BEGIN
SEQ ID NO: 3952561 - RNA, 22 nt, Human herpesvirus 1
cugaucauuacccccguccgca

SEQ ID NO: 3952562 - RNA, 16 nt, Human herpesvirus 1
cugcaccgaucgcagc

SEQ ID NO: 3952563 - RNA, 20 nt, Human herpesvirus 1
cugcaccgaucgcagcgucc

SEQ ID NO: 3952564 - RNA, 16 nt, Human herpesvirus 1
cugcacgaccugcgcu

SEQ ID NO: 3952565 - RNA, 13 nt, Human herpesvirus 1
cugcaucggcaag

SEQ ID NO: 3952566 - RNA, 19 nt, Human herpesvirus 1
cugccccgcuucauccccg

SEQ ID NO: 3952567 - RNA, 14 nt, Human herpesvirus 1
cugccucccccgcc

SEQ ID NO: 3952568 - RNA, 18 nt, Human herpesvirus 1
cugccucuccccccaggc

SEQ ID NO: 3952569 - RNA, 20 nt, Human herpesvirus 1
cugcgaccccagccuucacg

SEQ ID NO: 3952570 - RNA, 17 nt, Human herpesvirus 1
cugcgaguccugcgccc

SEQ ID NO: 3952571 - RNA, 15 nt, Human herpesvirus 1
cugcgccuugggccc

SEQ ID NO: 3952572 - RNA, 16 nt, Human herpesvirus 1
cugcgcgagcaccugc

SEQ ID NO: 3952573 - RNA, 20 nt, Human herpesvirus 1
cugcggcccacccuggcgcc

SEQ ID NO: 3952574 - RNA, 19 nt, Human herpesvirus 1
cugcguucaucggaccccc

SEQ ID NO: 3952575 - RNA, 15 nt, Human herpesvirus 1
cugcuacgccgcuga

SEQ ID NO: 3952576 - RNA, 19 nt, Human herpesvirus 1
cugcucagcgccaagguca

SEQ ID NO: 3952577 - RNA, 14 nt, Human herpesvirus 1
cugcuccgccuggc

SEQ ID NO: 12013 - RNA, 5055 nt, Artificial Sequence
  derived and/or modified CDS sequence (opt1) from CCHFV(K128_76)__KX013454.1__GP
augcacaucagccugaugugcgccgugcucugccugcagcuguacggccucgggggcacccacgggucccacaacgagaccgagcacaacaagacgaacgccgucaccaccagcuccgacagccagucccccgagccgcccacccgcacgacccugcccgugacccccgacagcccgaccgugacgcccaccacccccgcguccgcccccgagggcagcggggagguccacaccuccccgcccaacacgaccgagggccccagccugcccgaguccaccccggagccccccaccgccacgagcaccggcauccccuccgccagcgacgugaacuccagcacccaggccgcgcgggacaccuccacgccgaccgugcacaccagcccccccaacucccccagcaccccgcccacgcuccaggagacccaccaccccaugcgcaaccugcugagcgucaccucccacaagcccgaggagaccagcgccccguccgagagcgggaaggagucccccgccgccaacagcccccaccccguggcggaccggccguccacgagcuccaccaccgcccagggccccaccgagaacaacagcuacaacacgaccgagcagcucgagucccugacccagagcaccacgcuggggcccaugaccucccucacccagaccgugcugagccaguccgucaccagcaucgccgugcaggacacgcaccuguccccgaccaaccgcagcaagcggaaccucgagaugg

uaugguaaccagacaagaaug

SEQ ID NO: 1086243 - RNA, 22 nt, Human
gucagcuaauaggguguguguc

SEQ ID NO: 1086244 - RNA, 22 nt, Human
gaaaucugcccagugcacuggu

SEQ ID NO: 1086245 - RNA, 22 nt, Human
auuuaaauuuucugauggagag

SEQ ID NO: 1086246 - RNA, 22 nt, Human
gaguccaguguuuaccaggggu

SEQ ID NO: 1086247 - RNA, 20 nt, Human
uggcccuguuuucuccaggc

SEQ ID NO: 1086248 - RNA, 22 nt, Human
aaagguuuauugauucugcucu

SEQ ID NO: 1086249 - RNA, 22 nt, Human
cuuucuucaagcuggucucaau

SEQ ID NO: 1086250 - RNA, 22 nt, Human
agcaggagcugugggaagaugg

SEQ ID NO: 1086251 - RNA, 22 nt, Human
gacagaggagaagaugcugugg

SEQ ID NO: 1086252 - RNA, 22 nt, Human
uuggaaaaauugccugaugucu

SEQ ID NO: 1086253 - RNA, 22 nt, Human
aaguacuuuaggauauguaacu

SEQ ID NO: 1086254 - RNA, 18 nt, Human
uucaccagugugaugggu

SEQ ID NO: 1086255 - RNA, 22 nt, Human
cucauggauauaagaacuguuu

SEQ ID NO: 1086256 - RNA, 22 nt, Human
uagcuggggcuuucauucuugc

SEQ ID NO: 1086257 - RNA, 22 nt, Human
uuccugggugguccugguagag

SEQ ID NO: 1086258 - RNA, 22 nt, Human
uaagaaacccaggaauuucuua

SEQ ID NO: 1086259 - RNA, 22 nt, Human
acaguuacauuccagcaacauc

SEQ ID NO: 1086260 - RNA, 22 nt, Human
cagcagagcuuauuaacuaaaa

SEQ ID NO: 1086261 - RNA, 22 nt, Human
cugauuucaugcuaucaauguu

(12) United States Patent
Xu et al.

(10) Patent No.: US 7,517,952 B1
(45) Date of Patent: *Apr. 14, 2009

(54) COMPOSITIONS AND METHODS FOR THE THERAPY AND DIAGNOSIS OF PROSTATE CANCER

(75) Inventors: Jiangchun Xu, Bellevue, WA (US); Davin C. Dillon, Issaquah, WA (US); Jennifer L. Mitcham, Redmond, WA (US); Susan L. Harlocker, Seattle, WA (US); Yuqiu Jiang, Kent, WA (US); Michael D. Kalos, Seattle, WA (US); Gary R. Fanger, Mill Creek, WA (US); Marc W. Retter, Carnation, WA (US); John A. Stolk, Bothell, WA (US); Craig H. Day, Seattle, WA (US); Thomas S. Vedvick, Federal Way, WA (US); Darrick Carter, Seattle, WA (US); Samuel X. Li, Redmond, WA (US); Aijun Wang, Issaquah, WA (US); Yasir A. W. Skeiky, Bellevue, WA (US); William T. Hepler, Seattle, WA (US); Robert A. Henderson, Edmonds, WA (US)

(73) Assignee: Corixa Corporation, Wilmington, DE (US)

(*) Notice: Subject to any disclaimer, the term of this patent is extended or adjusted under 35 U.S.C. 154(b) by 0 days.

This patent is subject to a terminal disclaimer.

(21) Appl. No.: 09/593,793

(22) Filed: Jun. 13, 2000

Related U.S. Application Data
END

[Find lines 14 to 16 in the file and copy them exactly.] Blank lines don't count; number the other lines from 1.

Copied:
cugccucccccgcc

SEQ ID NO: 3952568 - RNA, 18 nt, Human herpesvirus 1
cugccucuccccccaggc